Embracing being 'roundy' - the first year I haven't started January on a diet

After growing up forcing myself to fit a certain mould, it was time to care for my body instead of torturing it.

A happy woman on a dancefloor
Image: Laughlin McKee

Hello! I’m Áine and I’m ’roundy’. And for the first time in this futuristic year of 2022, I am in the very middle of January and am yet to be ‘on a diet’.

I mean, I have a diet, in that I eat to nourish and enjoy myself and be alive and feel good. But, I’m not counting anything. I’m not logging anything on any app. I’m trying to be, well, free.

I can’t remember when I started referring to myself as ‘roundy’, but, it seems like the most appropriate word for how I feel about myself. ‘Fat’ terrifies me – teenage boys roared it at me with disgust as I grew up. ‘Obese’ horrifies me – an imaginary death sentence, getting lifted out of my home by a crane. But, roundy! It is gentle. I like round shapes. Boobs are round – love them! Round shapes are soft, comforting. Roundy doesn’t frighten me.

But if I’m honest, since I was about 11 – and discovered heating up a tiny bread roll with a generous dollop of Nutella – I’ve been a bit, well, fat. Horrifying to write that and know I’m sending it somewhere where people might find out that I am a bit fat! Despite having worn this bit of fatness for nearly 30 years, I’m still terrified someone might recognise it. I mask it with the right kind of dresses, a good chin angle in a photo, the careful process of approved photo tags.

I remember the moment I realised I was different from regular people in my larger body. I was watching all these girls from my school walking past and realised they were all smaller than me. And here I was, lumpy, full of Nutella and worthless. No restraint! No willpower!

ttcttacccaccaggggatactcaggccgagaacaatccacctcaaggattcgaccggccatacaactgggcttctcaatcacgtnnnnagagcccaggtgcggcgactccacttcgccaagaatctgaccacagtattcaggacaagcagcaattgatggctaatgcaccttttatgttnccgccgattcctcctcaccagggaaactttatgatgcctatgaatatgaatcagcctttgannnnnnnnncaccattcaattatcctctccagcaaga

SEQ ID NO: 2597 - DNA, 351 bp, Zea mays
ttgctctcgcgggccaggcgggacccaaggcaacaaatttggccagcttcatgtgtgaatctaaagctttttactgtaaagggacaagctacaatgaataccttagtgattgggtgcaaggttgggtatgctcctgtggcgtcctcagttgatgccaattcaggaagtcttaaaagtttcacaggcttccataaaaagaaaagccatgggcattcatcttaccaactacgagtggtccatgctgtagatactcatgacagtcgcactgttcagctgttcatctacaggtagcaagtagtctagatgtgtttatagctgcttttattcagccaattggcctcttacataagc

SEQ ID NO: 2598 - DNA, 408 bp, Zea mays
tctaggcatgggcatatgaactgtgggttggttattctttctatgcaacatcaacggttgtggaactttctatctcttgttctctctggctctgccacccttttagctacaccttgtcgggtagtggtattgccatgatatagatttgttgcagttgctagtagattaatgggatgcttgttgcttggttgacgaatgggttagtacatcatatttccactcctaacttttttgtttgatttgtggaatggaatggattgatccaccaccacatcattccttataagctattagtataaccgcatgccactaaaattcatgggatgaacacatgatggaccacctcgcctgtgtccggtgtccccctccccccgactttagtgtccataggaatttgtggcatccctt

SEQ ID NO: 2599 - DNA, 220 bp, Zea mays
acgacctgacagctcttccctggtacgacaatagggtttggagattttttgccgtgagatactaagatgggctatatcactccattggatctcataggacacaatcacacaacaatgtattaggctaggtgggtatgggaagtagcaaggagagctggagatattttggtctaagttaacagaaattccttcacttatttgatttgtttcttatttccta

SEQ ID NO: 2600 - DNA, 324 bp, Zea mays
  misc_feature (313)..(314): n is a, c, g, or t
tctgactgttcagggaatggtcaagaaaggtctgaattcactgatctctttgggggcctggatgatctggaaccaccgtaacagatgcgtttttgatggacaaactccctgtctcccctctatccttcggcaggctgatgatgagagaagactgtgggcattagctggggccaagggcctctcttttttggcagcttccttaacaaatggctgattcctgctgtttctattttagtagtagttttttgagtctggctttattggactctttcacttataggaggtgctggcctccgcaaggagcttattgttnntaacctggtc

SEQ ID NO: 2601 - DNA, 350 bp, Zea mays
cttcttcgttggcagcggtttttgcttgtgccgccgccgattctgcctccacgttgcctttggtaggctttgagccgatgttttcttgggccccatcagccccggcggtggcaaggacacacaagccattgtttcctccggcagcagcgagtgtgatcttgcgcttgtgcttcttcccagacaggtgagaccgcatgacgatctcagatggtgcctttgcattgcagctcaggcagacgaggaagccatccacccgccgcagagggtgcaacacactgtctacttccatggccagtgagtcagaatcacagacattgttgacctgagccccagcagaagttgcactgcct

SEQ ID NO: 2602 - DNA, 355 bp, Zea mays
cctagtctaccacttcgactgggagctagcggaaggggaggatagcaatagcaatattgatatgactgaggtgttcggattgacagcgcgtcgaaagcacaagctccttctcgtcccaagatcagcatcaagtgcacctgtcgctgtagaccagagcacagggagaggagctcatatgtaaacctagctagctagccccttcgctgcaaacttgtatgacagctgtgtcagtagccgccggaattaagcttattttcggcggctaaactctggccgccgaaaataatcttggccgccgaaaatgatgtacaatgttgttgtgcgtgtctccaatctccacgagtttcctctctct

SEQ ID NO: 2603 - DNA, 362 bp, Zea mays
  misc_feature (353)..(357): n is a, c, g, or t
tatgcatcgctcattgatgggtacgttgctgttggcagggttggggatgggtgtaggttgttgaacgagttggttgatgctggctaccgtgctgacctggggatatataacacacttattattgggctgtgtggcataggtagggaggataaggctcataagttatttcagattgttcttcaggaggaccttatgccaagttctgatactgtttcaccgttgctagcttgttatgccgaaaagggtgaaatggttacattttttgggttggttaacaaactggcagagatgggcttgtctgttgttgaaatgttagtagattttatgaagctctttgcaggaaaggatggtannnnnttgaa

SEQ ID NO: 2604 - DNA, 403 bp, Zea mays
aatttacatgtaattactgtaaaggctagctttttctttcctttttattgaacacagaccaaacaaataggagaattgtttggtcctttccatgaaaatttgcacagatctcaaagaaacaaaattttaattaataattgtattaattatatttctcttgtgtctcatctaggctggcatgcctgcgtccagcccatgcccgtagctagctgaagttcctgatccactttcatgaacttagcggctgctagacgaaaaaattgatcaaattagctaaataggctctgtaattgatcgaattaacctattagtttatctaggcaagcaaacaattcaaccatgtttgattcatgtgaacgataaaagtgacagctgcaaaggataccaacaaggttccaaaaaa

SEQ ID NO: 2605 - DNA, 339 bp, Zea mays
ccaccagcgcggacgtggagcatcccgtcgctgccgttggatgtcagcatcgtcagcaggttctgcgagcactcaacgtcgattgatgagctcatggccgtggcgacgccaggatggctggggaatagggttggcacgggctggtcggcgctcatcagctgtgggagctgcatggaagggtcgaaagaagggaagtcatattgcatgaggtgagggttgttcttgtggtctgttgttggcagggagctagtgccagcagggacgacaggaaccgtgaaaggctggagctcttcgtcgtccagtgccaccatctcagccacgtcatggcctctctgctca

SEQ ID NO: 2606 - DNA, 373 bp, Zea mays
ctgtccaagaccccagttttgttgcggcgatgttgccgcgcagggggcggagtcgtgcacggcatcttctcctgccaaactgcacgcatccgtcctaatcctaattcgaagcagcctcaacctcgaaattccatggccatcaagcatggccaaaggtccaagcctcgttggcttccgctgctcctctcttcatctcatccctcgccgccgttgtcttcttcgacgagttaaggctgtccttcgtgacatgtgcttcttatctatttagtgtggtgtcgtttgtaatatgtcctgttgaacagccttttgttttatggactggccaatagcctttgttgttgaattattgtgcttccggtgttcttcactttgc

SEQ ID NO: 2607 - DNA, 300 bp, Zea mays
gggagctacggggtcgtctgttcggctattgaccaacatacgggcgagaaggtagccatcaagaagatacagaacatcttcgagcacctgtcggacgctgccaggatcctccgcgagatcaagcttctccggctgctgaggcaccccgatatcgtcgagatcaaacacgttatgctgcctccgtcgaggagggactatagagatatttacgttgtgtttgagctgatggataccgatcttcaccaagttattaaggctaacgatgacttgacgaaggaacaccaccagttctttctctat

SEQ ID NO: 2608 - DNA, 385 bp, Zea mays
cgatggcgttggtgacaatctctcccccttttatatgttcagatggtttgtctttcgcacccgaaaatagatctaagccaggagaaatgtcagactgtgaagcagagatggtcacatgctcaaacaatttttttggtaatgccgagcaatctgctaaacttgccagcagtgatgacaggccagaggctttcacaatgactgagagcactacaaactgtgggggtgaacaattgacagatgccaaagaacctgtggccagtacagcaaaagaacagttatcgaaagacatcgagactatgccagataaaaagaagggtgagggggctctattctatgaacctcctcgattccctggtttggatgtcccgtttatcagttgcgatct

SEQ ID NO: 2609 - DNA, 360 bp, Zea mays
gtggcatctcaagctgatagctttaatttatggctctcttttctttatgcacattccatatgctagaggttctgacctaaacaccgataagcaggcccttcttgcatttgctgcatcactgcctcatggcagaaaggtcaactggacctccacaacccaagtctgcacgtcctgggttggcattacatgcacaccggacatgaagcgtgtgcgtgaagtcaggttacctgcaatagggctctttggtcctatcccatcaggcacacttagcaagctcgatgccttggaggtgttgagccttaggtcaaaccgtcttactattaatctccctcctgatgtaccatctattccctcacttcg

My teens were in the very epicentre of the heroin chic era. Skinny equalled worth and beauty. Nicole Richie was the big one. (Until she wasn’t.) Naturally, this led to a time where I lost all the weight. Like you see on those weight loss magazines – clown pants gaping, skinny grin. From the ages of 15 to 17, I counted food points and walked 90 minutes a day. I did this completely in private.

Stealing my mother’s weight watchers’ guidebooks, I would have a solo bottle of coke for my whole entire breakfast (5 points). I would feel this smug sense of success when my stomach would rumble. I had lots of branded ready meals (12-15 points). I trusted these weight loss people to track my nutrients. And it worked! I lost five whole stone. People started telling me I was beautiful for the first time.

My life was restraint, willpower, five litres of water a day, 15,000 pees. Nutella became No-tella (I still fear it.) I would finally get a boyfriend because I was skinny! Note that I was yet to examine the fact that I never really fancied any boy (because I was gay!) no, no, that was because I was fat.

I still felt fat though, swanning off to college only just turned 18. Newly skinny. My mother would look at me with concern. “You’re not going to lose any more now are you?” She’d commend me for refusing dessert (while offering it). I had watched her all those years. She had this little naked shuffle she used to do from the bathroom to her bedroom. Holding her big boobs, her big bum bouncing. One of my very favourite memories of her.

a woman sits at a table on her holiday with a cocktail in front of her

I grew up to the soundtrack of her worrying about her weight, worrying about mine. But, if there’s anyone I’ve ever loved unconditionally in this world, it was my beautiful mother. And she was always absolutely gorgeous. Her crystal blue eyes, huge big forehead, angular chin, glamorous wrists and velvet voice always made sure of that. She was never not beautiful to me. And I see now how many years I have tortured myself the way she did. When really, she is a part of me, and really-really, I should recognise my own beauty as I did hers.